Turntables

An open forum to discuss all aspects of the New Haven Railroad.
Statkowski
Member
Joined: March 5th, 2003, 4:39 am

May 31st, 2018, 6:21 pm #11

NYNH&H Turntable, Woodlawn-Stamford, H. F. Brown, C-201.jpg Here's a picture of East Port Chester's turntable.
Last edited by Statkowski on June 1st, 2018, 8:06 pm, edited 1 time in total.
Quote
Like
Share

nhhe52
Member
Joined: March 26th, 2004, 12:19 am

May 31st, 2018, 10:16 pm #12

Thanks Henry:

That is very interesting.  I’ve never seen and image of an electrified overhead wire turntable.  I didn’t know such every was used.   Learn something new with every visit to the Discussion Board.

Ed
Quote
Like
Share

Statkowski
Member
Joined: March 5th, 2003, 4:39 am

May 31st, 2018, 10:40 pm #13

As previously stated, the EP-1s didn't need turning, but did need to be stuck out of the way, and the turntable tracks were available.

I'm sure they dropped their pans before getting turned to avoid snagging anything.
Quote
Like
Share

NH746EJO
Member
Joined: November 24th, 2007, 7:18 pm

June 1st, 2018, 9:33 am #14

Turntables With Electric Wires

Thanks for the "electrified" turntable photo, Henry. I had never seen one on the NYNH&H.  They seem to have been uncommon in the USA since most electrics were serviced in rectangular buildings without turntables.  However, I have seen a number of them in use in Europe.  I suspect many turntables with wires date to the steam era and were retained when electrification arrived.
Quote
Like
Share

Statkowski
Member
Joined: March 5th, 2003, 4:39 am

June 1st, 2018, 10:04 am #15

Yes, the turntable and its available storage tracks date from steam days.  Once enough MUTs were available, the turntable and the need for locomotive storage tracks became redundant.
Quote
Like
Share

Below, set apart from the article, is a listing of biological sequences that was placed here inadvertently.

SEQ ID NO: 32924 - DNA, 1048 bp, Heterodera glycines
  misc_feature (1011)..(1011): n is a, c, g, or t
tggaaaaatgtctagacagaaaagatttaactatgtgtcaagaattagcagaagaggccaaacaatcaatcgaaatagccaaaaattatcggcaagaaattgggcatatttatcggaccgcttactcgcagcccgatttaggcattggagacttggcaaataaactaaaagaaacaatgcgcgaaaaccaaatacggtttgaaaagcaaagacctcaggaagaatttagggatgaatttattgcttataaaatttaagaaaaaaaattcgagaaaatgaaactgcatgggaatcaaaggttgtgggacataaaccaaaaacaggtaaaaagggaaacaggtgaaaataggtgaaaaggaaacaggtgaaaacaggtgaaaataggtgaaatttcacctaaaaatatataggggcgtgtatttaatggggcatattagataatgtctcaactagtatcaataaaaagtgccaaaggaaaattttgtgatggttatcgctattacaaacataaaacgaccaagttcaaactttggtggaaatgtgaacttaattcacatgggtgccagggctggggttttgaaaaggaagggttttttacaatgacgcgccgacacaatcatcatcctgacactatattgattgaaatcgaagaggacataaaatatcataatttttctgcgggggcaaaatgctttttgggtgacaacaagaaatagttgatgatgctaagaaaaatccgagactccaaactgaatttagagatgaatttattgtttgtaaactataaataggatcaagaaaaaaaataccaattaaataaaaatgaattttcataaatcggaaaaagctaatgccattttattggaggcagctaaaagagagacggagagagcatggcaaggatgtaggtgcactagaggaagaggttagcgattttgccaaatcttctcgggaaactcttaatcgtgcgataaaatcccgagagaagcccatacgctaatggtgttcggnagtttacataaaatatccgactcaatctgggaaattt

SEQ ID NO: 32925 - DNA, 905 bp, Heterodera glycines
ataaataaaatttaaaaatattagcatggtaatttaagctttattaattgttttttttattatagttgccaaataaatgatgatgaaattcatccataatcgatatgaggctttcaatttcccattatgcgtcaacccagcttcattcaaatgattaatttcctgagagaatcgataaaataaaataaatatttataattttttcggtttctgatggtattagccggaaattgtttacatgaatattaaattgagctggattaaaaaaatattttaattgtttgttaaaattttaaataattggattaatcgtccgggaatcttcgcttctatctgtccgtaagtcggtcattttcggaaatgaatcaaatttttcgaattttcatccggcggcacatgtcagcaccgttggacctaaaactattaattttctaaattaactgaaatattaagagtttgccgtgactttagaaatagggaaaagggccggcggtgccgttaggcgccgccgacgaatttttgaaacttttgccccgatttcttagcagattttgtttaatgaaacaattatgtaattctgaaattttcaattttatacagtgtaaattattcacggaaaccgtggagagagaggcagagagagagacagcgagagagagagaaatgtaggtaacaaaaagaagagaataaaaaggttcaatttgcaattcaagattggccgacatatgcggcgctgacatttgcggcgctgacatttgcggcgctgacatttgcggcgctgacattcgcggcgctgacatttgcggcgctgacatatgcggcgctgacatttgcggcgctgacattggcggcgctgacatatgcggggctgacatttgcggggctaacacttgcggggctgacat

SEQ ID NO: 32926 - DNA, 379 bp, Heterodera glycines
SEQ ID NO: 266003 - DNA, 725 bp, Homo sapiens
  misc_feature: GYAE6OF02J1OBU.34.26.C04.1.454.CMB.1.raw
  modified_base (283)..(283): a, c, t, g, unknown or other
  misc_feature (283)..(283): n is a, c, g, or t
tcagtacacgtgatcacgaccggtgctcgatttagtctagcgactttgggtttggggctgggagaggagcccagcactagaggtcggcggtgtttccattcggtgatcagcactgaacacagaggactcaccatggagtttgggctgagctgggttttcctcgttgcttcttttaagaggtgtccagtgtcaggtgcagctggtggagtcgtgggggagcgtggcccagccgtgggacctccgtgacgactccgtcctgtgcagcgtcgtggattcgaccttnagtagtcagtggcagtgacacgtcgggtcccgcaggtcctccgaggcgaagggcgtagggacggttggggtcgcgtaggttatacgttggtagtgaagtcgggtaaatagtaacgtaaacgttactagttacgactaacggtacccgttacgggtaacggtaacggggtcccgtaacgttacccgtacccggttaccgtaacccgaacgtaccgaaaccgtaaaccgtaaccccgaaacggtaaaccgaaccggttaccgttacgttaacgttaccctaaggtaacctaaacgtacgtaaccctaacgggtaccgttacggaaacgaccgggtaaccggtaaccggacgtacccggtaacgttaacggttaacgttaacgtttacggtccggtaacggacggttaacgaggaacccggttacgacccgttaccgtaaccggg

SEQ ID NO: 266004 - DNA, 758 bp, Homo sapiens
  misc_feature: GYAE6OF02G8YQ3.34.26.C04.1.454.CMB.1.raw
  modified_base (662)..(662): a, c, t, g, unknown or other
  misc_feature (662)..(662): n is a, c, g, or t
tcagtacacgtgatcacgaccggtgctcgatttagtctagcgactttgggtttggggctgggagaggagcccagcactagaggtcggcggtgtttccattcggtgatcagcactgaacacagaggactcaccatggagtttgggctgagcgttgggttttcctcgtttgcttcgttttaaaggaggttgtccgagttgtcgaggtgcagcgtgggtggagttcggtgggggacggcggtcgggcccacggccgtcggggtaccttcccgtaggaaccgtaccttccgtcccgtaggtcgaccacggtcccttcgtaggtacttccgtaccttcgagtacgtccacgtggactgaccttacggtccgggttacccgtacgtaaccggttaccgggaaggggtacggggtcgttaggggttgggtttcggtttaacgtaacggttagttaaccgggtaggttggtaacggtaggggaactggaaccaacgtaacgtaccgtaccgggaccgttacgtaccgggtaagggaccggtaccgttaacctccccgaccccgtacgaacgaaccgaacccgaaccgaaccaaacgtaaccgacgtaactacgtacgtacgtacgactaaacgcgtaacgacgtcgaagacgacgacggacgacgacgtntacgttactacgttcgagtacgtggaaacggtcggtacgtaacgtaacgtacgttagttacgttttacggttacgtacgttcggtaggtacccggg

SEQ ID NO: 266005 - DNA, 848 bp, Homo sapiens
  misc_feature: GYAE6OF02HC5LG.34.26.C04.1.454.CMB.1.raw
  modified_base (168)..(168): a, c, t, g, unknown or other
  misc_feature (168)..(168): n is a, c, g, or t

jkasey
Member
jkasey
Member
Joined: July 6th, 2017, 10:31 am

June 1st, 2018, 7:08 pm #16

Henry,
The picture above should be captioned as being at East Port Chester's, not East Portchester's.

John
Quote
Like
Share

Statkowski
Member
Joined: March 5th, 2003, 4:39 am

June 1st, 2018, 8:06 pm #17

Yes and no.  In assorted entries spanning the years, the New Haven has used both "Port Chester" or "Portchester", and "East Port Chester" and "East Portchester".  The passenger yard has also been called "Byram Yard" to differentiate it from the "Port Chester Yard" on the New York side of the Byram River.  The interlocking station, S.S. 27, was listed as East Port Chester.

Here's the ICC Valuation Map of the whole area on both sides of the border:  http://collections.ctdigitalarchive.org ... :860065560
Quote
Like
Share

Dick Otto
Member
Joined: September 8th, 2004, 6:14 am

June 1st, 2018, 9:09 pm #18

A most interesting and unusual photo.  The irony of this arrangement is whereas it's devised to accommodate electrically powered locos, the turntable itself is a good ol' Armstrong!
Quote
Like
Share

Statkowski
Member
Joined: March 5th, 2003, 4:39 am

June 1st, 2018, 10:33 pm #19

The electrics merely replaced steam, necessitating the need for the overhead.  If you look at the valuation map, you'll note there were stub tracks coming off of the turntable, eight of them, each 96 feet long, long enough, I suppose, to squeeze in two EP-1s per track, not that they needed to store sixteen EP-1s at any given time.

Here's a picture of the yard filled with passenger cars.  Not much room to store engines, too. East Port Chester Byram Yard.png
Quote
Like
Share

nhhe52
Member
Joined: March 26th, 2004, 12:19 am

June 2nd, 2018, 10:09 am #20

Henry:

Where are you finding these great period images?

Ed
Quote
Like
Share